Sign up for our daily Newsletter and stay up to date with all the latest news!

Subscribe I am already a subscriber

You are using software which is blocking our advertisements (adblocker).

As we provide the news for free, we are relying on revenues from our banners. So please disable your adblocker and reload the page to continue using this site.

Click here for a guide on disabling your adblocker.

Sign up for our daily Newsletter and stay up to date with all the latest news!

Subscribe I am already a subscriber

Is the UK ready for the green rush of medicinal cannabis?

You might not quite have noticed, but Britain is in the midst of a cannabis revolution. This one plant, its proponents say, has the potential to reshape modern medicine. It’s happening quickly and quietly, with scientists and doctors ushering in a new era of hi-tech flower power. As of today, over 60 countries have legalized some form of medicinal cannabis: since November 2018, that’s also been the case in Britain. Some 30,000 of us have already been prescribed cannabis for conditions ranging from arthritis to epilepsy, anxiety to multiple sclerosis. Experts predict the list will soon grow longer, and specialist surgeries are springing up nationwide to cater for ever-growing demand.

At the Curaleaf Clinic on London’s Harley Street, I meet Chris Cowan, 47. He was 13 when he first smoked cannabis: one joint with friends, illicit and casual, in early 90s rural Warwickshire. It would be nine years before a doctor would diagnose him with clinical depression and many more until his PTSD would be identified. Medicinal cannabis was decades from legalisation and yet, as far back as then, he knew intuitively its effect on him was more than the hit of a recreational high. “While friends would be giggling or rolling around intoxicated,” he says, “I found a calm I’d never felt before – that’s the only way I can describe it. The older I got, the more I noticed. Cannabis was medicinal, alleviating the traumas in both my body and mind.” Only 30 years later would the British medical and legal system catch up.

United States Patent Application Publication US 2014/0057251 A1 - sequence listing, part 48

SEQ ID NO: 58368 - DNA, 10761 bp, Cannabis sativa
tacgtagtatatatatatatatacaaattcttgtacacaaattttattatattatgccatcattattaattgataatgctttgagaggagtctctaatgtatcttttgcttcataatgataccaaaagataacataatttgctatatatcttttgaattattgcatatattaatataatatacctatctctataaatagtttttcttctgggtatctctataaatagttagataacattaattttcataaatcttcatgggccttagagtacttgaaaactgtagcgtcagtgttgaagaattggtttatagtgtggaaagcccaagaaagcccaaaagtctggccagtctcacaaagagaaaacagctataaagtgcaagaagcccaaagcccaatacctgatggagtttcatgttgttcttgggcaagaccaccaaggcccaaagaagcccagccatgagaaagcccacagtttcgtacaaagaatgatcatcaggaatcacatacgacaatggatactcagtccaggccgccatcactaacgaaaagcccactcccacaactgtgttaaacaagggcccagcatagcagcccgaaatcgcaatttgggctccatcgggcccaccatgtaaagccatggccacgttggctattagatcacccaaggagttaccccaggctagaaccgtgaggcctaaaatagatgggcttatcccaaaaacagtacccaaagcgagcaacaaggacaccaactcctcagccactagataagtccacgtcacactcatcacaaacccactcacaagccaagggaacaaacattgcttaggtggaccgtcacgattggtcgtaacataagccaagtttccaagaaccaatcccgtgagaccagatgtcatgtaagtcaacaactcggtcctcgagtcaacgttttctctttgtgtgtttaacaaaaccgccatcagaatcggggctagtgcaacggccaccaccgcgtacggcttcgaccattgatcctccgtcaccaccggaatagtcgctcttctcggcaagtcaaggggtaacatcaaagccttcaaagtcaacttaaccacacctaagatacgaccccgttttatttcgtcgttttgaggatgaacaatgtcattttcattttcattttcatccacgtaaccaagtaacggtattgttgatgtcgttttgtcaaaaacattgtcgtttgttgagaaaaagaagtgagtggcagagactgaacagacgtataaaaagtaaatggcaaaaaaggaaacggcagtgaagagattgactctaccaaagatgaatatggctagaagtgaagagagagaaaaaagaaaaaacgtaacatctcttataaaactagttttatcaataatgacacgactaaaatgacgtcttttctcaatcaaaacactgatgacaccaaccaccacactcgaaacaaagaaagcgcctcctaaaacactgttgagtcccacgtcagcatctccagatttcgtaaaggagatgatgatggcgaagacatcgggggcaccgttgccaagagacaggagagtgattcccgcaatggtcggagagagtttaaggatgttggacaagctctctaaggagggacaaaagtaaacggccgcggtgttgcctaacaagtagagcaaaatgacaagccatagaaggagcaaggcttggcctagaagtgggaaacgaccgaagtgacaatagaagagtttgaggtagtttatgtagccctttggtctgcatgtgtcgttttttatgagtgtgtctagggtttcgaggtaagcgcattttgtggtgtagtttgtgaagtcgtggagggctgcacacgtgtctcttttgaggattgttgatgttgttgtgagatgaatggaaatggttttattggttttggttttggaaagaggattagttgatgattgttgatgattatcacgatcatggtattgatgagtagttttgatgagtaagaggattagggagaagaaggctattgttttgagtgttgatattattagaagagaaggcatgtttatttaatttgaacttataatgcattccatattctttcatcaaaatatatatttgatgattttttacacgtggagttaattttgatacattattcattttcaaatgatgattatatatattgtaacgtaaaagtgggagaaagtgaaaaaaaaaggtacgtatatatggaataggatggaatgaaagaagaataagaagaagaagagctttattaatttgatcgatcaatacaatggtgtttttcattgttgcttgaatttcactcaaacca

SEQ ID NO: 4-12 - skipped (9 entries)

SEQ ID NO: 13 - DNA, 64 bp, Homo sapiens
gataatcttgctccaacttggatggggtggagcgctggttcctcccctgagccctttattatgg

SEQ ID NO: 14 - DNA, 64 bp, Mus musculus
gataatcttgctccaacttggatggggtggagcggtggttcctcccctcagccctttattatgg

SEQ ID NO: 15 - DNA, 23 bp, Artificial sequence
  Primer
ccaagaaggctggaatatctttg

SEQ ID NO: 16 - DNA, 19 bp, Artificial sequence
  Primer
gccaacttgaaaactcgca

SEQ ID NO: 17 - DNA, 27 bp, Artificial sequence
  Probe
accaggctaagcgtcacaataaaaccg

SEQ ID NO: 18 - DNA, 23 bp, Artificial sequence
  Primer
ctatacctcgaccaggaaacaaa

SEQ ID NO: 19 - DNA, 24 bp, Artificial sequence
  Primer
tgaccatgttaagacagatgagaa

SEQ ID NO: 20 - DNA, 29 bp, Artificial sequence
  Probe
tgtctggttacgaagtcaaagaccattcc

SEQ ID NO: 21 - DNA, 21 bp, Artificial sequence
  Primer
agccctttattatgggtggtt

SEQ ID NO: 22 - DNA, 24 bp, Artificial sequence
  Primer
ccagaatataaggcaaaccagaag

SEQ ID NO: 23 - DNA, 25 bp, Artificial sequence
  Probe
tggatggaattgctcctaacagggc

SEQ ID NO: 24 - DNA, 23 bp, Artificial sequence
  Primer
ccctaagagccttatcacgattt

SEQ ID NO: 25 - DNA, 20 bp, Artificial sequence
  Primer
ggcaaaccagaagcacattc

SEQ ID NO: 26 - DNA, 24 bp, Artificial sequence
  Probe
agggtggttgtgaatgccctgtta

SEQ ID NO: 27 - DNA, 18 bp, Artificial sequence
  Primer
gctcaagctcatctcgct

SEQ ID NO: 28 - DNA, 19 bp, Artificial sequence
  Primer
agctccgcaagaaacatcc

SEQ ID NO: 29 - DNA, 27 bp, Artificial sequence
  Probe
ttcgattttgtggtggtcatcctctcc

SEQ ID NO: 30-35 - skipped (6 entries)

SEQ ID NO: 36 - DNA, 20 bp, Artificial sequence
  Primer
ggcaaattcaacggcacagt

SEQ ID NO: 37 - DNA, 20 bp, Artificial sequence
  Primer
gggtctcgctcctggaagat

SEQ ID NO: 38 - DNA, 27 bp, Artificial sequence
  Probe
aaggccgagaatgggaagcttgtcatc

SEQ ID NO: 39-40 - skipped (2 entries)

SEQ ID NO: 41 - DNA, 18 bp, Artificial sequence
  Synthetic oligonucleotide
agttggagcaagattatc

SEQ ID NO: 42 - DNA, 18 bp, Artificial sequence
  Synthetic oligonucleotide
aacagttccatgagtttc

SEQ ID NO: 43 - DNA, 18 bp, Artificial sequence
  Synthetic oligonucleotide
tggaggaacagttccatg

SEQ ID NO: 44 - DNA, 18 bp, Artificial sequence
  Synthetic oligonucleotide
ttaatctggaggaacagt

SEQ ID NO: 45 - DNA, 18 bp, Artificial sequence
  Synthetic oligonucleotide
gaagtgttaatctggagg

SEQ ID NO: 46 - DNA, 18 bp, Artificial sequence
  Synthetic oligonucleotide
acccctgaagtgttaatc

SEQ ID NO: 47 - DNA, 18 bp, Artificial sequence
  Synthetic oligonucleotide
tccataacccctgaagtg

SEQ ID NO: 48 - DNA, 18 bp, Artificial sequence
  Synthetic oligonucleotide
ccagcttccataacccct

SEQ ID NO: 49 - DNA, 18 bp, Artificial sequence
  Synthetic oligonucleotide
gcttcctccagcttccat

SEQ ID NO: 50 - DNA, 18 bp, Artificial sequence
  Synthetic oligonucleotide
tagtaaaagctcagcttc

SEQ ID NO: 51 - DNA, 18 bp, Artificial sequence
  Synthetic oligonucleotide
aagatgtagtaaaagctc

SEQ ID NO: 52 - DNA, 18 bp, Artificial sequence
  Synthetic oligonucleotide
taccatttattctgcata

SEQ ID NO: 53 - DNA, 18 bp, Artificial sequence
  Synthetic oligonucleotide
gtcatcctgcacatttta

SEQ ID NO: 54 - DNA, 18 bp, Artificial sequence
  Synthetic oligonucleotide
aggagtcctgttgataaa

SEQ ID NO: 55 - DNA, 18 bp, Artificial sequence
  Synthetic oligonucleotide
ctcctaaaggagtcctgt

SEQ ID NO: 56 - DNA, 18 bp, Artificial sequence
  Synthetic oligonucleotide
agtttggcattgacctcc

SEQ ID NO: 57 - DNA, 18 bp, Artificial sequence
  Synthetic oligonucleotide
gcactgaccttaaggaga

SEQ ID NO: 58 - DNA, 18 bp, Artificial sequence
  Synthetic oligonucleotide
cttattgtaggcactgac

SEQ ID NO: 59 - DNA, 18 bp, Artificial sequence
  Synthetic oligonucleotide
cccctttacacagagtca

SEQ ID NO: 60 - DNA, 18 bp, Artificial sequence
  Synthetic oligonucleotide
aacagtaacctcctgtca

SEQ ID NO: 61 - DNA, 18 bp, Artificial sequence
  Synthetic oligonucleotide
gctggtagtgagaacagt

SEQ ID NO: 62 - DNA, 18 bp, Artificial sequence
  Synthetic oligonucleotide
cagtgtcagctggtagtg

In the meantime, Cowan illegally self-medicated, like 1.8 million others across the UK. “There were the practical issues,” he says. “The efficacy of what I could buy from street dealers was hit and miss. The product was totally inconsistent and unregulated.” The illegal market is a wild west, rife with contamination; authorized cannabis medicines, however, are tightly regulated. Worse for Cowan was the stigma. “Into my 30s and 40s, none of my contemporaries still used it. I felt ashamed of my reliance on what I was told was a harmful, illegal substance. My wife hated me breaking the law, it was a constant source of tension.” Twice, he tried antidepressants – neither time was able to cope with the side effects of sertraline.

In the UK, there has been no relaxing of rules for recreational cannabis, the change is purely medical. Cowan receives his prescription much like any other: appointments with specialist doctors, regular checkups, and medical-grade, heavily regulated products with strict guidelines for consumption. Medicinal cannabis comes in many forms: oils, creams, cartridges, and capsules. Some people, like Cowan, are prescribed the dried flower, which he vaporizes. The prescription process is stringent. Those referred need to have an existing diagnosis and to have already tried other conventional medical interventions. “Before this,” Cowan says, “as an adult, I’d have to sit in a yard waiting for some kid to turn up on a bike, then drive home paranoid that the police would pull me over just for accessing medication. When I found this clinic, I went from being criminalized to a normal member of society.”


Publication date: